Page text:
An influencer marketing strategy needs crafting with care. For when brands and influencers align, they have the potential not only to amplify influence and engage targeted audiences, but also to co-create cultural relevance for the brands they partner with.

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Annouchka Behrmann is head of brand at Edelman Hong Kong, an agency member of PRHK, Hong Kong’s association for PR and communications professionals

The field of marketing automation is growing at an astonishing rate. According to a recent study , this market will generate up to HK$60.57 billion revenue by 2025, with an expected compound annual growth rate of 9.26%.
Statistics also show that 80% of marketing automation users experienced an increase in numbers of leads, while 77% saw their conversion rates were optimised.

There is an increasing number of businesses investing in some type of marketing automation for repetitive marketing activities, in an attempt to increase productivity, and consequently revenue. Yet, there are still some challenges this technology fails to address: 95% of marketing automation users struggle to personalise, segment, or respond to customer needs in time.

Thanks to technological advancements, AI has arrived and tasks that would normally require a massive commitment by multiple team members are now being performed by technologies that simulate human intelligence.

In other words, when combining marketing automation tools and AI, businesses can cut down on risks created by inadequate segmentation approaches, and non-relevant marketing messages, while improving response times.

Here are five ways AI can maximise your marketing automation efforts.


1. Conversion rate optimisation

By incorporating AI into your web design, it’s possible to analyse data and gain actual insights into customer behaviour, to ultimately help with customer segmentation. With that information, personalising messages and customising offers to meet exact demand is possible, and thus optimise conversion rates.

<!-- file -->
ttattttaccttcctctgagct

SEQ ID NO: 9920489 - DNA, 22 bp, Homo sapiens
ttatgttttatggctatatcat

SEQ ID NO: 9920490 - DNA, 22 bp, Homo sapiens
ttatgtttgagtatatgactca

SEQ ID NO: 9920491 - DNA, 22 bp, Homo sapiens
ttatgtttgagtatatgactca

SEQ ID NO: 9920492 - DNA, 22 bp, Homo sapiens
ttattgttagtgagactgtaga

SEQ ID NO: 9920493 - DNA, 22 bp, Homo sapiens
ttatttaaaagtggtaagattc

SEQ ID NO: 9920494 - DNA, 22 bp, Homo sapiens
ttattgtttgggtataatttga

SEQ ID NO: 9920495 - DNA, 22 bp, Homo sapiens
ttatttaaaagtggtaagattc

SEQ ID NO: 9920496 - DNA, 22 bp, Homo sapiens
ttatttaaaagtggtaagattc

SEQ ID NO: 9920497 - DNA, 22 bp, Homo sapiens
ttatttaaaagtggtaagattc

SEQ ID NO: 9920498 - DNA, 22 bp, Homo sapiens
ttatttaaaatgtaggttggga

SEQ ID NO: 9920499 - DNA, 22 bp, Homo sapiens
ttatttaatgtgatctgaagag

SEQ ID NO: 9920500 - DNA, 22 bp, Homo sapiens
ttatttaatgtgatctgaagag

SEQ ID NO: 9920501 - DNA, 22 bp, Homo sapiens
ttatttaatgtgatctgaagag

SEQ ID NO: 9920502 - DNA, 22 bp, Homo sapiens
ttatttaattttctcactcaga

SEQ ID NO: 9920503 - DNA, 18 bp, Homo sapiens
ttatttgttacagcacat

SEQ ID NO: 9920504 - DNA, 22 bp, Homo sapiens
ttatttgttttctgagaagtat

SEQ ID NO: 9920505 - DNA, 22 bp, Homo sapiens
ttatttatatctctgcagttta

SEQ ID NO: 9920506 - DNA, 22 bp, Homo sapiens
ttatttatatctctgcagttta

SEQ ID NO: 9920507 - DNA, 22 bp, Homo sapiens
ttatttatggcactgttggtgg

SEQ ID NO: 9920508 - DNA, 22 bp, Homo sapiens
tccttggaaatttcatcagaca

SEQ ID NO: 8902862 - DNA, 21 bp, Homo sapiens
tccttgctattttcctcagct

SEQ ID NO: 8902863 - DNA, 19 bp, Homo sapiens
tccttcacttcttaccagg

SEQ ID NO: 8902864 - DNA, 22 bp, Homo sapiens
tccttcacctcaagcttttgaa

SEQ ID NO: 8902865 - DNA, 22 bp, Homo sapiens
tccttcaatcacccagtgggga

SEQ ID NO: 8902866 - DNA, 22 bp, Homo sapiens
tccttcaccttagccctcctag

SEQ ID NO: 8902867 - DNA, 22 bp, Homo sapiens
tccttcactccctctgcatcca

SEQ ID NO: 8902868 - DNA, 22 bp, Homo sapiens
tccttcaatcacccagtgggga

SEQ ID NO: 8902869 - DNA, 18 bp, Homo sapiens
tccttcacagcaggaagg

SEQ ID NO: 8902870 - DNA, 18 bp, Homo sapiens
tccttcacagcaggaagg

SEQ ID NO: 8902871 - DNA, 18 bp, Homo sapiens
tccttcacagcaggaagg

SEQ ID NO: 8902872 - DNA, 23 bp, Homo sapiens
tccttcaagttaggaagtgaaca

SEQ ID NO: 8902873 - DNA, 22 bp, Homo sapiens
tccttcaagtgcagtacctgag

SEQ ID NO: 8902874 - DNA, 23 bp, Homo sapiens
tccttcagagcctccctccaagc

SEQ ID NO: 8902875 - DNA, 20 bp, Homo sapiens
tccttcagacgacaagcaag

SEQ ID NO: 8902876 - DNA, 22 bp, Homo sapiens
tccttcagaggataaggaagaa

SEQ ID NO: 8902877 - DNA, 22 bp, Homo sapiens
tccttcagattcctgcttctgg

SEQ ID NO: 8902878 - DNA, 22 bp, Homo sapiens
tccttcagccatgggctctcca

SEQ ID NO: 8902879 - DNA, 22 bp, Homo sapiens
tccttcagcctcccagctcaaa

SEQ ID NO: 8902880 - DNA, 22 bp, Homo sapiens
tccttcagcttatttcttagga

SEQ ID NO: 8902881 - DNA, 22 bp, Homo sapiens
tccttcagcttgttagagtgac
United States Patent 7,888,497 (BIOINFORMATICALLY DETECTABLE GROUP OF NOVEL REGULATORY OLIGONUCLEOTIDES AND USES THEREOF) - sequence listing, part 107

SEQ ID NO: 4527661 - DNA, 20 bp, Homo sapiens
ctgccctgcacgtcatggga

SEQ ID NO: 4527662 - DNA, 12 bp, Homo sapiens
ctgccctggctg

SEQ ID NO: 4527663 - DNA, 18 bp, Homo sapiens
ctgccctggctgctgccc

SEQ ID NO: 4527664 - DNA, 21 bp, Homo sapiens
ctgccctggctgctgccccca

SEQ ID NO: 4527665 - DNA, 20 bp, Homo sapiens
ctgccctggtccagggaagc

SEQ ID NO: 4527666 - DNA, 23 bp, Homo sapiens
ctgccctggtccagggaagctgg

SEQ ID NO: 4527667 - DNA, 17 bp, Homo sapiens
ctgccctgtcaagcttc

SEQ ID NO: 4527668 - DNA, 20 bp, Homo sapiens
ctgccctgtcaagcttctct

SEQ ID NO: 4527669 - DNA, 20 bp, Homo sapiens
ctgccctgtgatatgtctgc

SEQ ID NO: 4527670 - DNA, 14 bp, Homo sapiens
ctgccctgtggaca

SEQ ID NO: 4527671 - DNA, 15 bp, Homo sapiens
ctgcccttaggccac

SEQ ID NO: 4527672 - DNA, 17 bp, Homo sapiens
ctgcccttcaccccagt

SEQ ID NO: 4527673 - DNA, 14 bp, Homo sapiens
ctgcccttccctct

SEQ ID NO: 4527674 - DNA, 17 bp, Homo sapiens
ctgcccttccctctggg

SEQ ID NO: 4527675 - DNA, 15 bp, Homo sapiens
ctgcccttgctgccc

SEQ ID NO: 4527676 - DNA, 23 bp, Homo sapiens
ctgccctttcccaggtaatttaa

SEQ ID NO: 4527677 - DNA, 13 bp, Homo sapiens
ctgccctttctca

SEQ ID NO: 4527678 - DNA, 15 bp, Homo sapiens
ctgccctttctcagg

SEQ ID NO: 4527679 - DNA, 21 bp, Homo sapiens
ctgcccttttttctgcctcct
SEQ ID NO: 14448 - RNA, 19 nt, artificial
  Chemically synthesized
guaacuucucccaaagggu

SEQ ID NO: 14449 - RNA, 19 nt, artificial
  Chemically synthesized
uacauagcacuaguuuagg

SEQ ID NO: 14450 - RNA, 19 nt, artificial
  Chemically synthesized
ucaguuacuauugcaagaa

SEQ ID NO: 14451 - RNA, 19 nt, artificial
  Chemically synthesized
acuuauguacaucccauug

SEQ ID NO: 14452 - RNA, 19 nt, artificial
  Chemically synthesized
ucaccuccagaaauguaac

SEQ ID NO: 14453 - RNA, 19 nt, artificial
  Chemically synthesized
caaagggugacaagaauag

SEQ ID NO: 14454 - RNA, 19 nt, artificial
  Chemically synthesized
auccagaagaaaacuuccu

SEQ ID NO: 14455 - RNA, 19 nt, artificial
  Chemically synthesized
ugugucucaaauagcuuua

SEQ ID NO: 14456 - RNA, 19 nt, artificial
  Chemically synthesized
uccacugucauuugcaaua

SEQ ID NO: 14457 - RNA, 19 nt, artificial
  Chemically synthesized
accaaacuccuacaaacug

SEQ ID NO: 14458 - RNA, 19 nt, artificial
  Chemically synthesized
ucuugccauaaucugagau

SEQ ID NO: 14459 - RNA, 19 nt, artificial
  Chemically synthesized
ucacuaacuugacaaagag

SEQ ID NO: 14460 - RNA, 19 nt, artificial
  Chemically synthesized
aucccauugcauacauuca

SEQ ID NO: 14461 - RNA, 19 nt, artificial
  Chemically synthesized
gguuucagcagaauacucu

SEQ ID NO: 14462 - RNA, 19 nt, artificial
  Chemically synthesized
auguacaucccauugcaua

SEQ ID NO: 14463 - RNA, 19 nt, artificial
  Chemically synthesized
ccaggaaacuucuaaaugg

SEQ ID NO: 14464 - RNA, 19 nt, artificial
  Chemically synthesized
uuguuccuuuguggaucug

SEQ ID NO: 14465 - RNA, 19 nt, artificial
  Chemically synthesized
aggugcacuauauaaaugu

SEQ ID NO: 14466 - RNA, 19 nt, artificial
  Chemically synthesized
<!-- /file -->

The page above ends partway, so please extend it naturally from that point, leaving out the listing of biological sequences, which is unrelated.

2. High potential leads acquisition

When segmenting using AI technology, a business can also group leads based on purchase intention. Additionally, these tools also identify determining factors that would affect the buying decision and provide real-time, well-suited recommendations to boost plans to acquire leads.


3. Quality content creation

Thanks to the technological evolutions in Natural Language Processing (NLP) and Natural Language Generation (NLG), businesses can now easily create personalised content to drive engagement at a fast rate.


4. Relevant visual elements collection

AI-powered automation tools can quickly gather the most relevant visual elements required — such as images or videos — while detecting potentially inappropriate content, strictly following a business’s visual identity and marketing messages.


5. User experience maximisation

By personalising messages across channels using AI-powered agents — such as chatbots or virtual assistants — it’s possible to provide customers with a 1-on-1 experience at the early stages of conversation, to anticipate their needs and seamlessly solve basic problems.


Linh Dinh is an artificial intelligence and business automation enthusiast who often writes about technology-related topics on Market Inspector, where she works as a communication assistant.